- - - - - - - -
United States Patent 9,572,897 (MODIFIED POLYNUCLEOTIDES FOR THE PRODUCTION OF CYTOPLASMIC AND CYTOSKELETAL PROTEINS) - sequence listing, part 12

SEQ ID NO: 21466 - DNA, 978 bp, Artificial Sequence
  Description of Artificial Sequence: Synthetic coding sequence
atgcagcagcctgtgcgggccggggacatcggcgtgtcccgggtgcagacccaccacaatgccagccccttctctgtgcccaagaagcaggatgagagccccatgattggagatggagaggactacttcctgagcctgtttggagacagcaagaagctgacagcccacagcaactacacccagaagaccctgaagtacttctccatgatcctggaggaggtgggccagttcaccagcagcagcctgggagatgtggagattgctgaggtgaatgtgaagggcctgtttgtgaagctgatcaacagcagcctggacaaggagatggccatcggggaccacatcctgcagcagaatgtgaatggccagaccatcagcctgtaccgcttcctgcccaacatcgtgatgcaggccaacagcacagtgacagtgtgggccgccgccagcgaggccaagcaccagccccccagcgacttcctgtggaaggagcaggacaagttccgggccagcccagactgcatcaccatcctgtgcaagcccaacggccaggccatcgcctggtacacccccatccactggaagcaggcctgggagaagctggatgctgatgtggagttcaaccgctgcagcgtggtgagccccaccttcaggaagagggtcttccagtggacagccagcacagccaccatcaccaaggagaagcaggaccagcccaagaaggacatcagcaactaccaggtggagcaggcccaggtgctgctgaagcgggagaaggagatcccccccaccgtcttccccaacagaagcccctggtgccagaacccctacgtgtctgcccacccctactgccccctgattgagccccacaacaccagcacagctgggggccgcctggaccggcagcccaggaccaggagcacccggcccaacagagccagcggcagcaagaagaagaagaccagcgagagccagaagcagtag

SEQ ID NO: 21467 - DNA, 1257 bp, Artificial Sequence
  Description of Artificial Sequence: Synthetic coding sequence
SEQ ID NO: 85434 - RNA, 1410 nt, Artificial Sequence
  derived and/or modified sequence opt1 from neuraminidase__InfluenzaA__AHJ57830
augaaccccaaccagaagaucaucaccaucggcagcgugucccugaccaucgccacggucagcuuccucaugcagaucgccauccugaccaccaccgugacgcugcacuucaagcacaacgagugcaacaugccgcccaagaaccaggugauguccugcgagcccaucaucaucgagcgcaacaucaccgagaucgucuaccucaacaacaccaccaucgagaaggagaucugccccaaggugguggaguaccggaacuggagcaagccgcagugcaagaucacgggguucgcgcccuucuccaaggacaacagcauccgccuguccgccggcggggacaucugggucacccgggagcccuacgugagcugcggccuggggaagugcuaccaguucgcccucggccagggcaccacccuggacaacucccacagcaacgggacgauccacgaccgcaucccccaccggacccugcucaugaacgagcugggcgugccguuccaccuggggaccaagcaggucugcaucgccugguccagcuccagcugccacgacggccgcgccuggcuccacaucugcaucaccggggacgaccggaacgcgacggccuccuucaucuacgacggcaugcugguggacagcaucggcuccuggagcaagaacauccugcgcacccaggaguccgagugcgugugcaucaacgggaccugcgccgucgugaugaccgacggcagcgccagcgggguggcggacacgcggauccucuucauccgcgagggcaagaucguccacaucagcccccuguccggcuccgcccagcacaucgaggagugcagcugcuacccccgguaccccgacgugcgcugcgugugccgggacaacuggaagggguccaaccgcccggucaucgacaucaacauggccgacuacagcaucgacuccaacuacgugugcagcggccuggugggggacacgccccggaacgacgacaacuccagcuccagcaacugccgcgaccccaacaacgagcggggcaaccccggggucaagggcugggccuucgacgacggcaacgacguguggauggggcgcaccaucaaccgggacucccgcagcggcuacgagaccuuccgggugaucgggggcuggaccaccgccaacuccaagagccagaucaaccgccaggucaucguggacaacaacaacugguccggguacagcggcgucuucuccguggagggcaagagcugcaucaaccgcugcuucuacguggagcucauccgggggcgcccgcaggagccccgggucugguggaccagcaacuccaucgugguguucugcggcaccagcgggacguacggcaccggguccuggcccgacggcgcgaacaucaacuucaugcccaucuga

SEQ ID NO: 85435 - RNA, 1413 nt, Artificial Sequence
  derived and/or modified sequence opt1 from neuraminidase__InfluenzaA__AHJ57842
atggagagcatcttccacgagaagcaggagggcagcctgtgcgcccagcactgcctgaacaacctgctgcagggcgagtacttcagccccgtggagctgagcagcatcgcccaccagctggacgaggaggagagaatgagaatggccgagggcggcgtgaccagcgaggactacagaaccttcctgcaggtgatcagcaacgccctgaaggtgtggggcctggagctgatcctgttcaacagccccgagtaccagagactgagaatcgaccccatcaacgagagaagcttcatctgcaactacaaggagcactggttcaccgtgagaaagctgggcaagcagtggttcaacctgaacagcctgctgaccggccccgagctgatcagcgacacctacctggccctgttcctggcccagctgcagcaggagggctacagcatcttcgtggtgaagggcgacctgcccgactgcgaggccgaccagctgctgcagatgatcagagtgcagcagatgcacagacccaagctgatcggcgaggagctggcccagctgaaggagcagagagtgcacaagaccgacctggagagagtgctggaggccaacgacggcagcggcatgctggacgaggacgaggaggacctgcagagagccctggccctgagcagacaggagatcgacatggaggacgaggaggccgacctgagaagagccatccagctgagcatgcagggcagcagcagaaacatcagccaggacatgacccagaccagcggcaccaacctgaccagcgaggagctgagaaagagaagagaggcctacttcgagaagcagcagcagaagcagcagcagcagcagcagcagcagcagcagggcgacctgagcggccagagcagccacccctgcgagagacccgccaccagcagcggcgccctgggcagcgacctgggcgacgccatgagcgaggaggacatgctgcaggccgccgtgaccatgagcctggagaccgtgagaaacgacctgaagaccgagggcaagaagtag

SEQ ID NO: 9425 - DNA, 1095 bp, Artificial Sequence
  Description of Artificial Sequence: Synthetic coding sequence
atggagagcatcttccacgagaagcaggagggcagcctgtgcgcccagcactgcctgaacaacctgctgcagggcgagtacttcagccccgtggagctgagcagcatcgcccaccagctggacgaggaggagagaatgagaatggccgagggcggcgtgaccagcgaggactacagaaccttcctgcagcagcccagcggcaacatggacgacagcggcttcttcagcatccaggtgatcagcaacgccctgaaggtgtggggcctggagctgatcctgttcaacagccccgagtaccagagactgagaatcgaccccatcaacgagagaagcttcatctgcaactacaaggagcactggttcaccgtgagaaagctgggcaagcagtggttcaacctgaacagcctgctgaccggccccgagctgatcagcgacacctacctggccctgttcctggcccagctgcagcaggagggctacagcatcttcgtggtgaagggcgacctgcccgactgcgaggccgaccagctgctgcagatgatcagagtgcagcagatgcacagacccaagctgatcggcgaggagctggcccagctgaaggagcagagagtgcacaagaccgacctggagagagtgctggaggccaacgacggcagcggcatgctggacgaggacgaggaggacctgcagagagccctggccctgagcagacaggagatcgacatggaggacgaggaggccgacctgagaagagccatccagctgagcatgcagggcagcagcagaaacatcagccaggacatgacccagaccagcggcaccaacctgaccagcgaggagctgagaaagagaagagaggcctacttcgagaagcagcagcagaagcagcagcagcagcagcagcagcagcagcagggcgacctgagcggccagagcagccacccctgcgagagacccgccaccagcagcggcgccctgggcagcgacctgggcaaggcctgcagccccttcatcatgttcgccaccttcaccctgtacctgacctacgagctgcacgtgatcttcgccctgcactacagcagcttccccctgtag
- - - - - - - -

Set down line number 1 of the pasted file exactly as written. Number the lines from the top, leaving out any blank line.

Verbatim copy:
United States Patent 9,572,897 (MODIFIED POLYNUCLEOTIDES FOR THE PRODUCTION OF CYTOPLASMIC AND CYTOSKELETAL PROTEINS) - sequence listing, part 12